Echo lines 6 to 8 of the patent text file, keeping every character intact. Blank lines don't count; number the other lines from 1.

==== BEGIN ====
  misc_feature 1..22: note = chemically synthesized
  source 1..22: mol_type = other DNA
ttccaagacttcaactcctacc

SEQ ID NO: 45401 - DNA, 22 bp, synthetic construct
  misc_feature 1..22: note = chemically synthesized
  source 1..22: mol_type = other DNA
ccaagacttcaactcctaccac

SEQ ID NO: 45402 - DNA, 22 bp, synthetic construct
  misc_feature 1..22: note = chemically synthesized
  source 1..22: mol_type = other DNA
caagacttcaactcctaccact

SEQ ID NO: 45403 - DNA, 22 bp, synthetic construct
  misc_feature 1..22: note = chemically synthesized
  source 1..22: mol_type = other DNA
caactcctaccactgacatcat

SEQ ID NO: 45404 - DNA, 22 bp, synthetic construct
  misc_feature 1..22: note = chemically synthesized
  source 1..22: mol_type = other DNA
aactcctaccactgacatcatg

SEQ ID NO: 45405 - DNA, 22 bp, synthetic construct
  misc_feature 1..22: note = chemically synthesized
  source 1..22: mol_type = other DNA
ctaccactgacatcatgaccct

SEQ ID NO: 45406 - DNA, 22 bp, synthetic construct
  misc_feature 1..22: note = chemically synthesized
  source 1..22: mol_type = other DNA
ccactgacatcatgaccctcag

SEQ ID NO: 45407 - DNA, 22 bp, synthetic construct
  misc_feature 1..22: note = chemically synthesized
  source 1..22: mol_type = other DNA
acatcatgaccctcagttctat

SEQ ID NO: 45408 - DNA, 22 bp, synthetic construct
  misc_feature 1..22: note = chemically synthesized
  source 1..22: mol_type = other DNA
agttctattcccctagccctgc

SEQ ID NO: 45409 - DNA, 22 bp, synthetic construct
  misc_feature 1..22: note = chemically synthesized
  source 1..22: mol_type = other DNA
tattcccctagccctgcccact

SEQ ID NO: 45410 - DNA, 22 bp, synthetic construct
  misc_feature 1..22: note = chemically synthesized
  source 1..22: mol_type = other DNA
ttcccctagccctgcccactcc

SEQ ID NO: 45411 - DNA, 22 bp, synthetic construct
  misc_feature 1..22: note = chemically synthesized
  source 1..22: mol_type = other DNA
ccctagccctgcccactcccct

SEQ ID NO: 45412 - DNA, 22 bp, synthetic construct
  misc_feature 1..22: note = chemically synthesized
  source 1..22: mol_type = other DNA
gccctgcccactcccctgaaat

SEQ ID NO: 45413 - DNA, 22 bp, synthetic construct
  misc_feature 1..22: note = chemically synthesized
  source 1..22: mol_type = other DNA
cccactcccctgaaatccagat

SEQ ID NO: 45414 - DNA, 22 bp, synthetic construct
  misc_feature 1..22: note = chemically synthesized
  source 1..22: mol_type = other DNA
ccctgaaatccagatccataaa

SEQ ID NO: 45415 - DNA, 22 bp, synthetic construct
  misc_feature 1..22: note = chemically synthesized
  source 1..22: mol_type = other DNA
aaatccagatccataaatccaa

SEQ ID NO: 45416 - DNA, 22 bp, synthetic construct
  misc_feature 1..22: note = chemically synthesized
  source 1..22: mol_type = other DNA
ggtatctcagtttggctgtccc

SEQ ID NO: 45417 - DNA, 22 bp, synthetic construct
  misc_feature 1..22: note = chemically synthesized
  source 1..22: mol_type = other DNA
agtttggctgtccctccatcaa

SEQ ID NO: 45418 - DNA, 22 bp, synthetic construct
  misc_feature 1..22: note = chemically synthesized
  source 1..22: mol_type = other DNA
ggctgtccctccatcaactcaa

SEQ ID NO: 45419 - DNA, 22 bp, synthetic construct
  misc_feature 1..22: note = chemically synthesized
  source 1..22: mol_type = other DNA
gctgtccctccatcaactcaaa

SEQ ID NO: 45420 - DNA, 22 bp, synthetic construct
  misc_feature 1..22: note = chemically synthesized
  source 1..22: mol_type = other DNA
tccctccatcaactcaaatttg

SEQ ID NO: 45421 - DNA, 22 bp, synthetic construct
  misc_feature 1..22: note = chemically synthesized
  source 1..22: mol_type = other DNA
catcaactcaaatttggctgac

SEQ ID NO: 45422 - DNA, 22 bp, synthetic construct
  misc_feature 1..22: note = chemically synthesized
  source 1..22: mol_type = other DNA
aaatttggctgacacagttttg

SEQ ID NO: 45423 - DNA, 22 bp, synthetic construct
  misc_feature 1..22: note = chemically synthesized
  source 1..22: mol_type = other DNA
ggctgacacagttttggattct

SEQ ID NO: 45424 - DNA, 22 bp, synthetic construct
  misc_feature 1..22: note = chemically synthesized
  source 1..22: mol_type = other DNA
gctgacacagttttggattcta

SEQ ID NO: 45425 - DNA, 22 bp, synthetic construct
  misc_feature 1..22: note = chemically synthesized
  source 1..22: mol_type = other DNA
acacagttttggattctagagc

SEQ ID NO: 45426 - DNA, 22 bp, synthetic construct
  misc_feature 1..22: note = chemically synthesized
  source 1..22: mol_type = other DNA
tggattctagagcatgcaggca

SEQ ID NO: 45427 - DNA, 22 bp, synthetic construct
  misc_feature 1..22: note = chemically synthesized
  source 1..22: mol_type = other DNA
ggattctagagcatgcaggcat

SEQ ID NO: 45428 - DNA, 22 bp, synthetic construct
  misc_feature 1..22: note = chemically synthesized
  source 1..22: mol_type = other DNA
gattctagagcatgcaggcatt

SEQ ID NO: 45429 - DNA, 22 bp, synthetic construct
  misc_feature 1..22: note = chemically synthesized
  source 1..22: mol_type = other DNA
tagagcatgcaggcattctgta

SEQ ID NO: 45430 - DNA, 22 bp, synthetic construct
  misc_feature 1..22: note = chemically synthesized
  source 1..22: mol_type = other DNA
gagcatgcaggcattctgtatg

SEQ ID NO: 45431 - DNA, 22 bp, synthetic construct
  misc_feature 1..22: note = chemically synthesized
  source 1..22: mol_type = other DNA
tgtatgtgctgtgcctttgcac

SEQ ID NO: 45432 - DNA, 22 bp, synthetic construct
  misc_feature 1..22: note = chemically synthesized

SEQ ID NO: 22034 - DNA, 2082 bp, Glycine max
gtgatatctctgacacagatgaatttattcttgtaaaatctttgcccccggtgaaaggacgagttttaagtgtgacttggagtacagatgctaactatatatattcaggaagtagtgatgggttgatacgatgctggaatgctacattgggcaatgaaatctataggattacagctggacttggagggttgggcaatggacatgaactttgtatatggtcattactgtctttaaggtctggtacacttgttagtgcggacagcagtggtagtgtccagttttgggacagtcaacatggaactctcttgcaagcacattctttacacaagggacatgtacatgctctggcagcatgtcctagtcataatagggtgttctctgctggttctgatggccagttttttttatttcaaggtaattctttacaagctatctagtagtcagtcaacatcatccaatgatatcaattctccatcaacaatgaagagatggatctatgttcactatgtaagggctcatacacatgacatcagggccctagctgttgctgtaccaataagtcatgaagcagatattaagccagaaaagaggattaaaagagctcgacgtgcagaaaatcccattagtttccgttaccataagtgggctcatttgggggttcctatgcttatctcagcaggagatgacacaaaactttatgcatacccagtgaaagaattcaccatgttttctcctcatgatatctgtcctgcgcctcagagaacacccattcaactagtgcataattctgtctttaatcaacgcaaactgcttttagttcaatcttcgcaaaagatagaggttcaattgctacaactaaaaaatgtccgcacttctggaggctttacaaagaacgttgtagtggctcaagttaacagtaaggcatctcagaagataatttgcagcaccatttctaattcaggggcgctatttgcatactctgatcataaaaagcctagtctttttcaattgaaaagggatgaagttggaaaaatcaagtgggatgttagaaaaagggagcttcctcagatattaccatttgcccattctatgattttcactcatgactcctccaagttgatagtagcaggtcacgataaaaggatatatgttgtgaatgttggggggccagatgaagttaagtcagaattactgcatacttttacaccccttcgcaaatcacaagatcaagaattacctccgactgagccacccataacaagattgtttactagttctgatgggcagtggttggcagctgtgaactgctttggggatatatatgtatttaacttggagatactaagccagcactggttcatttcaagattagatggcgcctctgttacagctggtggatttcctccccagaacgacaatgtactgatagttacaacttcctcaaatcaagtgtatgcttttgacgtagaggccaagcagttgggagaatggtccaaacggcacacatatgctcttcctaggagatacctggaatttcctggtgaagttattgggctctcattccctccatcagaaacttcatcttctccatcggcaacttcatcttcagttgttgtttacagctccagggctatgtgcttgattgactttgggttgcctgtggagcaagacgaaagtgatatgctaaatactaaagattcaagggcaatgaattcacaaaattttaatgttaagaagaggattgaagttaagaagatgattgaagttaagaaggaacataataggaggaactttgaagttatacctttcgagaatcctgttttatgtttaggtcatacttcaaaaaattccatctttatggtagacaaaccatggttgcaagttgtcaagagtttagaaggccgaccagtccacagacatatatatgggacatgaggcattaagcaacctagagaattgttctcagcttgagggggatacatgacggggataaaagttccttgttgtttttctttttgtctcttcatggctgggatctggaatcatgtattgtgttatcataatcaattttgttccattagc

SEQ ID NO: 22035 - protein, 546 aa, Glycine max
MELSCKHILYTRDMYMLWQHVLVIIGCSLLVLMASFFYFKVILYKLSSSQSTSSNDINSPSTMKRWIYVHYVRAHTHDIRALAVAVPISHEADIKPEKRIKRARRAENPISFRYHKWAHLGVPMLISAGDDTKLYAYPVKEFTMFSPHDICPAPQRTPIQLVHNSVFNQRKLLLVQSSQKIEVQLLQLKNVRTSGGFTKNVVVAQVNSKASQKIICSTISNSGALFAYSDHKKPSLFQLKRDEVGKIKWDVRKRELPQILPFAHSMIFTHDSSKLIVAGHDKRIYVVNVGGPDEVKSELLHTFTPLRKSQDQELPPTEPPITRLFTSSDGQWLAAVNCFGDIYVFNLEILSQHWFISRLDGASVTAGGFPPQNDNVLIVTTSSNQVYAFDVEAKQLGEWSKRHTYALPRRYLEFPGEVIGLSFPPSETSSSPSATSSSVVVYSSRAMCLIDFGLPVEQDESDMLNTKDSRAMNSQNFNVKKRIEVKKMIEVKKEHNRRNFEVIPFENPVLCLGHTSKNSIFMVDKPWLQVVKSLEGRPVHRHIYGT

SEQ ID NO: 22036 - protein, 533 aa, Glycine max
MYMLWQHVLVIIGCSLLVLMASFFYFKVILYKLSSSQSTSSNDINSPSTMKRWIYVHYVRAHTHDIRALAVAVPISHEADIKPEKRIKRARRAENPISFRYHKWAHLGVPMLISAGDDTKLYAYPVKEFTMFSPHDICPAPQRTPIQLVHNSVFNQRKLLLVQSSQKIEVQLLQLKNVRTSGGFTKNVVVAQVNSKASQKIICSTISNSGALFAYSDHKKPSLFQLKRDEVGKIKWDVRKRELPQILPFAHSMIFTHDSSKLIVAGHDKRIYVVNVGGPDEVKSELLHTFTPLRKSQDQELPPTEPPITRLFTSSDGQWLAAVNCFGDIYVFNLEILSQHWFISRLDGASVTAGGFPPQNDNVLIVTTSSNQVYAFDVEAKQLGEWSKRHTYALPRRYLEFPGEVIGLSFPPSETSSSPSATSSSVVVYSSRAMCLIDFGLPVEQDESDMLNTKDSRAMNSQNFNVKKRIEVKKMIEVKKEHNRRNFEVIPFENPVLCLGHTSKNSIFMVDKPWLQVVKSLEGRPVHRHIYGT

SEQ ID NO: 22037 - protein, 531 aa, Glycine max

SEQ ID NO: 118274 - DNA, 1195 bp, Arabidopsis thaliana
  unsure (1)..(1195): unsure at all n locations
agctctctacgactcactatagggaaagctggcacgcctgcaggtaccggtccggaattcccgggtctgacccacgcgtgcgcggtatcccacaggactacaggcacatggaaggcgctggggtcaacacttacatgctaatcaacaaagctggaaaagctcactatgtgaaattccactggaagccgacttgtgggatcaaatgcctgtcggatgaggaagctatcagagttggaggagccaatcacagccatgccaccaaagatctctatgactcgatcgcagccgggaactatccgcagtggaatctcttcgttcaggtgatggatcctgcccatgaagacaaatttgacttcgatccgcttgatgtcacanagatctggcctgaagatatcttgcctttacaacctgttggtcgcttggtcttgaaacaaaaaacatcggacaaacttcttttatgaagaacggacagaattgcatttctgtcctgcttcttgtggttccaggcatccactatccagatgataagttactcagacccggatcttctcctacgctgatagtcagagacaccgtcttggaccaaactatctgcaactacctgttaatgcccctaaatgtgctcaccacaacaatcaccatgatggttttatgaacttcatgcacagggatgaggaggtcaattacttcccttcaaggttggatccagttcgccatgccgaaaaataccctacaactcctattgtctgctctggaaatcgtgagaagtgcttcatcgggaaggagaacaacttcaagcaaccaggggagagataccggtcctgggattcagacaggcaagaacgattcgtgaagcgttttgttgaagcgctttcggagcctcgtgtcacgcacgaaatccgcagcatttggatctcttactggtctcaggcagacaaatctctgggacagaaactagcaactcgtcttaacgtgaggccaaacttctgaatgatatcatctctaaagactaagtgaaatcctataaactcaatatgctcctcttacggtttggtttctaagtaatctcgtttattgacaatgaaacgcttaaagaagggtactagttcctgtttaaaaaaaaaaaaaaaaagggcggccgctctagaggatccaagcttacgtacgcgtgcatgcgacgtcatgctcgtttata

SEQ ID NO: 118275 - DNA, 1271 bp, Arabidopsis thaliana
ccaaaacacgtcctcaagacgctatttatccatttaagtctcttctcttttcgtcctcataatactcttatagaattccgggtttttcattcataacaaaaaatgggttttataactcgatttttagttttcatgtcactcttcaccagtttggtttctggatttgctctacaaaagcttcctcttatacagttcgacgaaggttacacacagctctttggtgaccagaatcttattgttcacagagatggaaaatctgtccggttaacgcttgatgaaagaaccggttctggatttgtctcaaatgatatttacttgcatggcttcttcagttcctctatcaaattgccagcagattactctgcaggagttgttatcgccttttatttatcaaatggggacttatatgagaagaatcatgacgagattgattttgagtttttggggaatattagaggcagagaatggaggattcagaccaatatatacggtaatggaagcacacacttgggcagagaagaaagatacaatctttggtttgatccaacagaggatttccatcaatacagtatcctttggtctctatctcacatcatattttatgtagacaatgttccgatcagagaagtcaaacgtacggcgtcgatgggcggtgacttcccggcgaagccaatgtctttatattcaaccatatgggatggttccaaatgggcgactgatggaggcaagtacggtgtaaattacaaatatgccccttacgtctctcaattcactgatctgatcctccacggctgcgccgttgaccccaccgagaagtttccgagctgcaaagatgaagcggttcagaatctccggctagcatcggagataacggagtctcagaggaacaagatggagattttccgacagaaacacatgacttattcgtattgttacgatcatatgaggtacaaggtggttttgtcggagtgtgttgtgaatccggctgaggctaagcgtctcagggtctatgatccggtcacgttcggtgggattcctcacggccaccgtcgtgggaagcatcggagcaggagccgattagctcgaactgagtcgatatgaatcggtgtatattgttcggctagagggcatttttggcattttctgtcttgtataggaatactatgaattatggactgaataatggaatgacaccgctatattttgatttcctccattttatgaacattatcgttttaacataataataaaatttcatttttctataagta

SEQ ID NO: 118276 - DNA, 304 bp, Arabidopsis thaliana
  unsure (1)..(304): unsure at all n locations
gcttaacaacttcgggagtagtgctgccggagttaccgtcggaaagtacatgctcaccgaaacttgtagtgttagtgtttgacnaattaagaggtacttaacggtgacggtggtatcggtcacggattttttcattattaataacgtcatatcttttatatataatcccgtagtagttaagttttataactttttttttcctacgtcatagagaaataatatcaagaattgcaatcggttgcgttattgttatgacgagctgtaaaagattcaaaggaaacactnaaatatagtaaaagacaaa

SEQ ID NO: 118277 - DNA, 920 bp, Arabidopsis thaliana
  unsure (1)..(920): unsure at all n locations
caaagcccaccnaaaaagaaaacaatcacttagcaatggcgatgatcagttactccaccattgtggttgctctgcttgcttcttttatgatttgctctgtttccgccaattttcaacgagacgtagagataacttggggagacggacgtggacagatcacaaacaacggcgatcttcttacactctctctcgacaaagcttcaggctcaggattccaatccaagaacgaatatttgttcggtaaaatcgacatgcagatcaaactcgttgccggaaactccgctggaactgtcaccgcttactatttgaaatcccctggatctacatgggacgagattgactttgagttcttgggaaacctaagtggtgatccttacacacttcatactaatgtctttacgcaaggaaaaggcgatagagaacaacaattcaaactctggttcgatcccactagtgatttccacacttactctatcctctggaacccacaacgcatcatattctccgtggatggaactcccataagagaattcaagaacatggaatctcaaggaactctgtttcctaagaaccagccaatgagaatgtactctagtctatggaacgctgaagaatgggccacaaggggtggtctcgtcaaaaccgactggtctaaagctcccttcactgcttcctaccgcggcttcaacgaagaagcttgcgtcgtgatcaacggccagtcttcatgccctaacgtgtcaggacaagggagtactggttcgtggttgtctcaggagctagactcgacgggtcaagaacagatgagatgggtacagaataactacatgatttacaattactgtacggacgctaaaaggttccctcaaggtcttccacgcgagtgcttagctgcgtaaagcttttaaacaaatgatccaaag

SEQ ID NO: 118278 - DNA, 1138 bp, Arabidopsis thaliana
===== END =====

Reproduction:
  source 1..22: mol_type = other DNA
ccaagacttcaactcctaccac

SEQ ID NO: 45402 - DNA, 22 bp, synthetic construct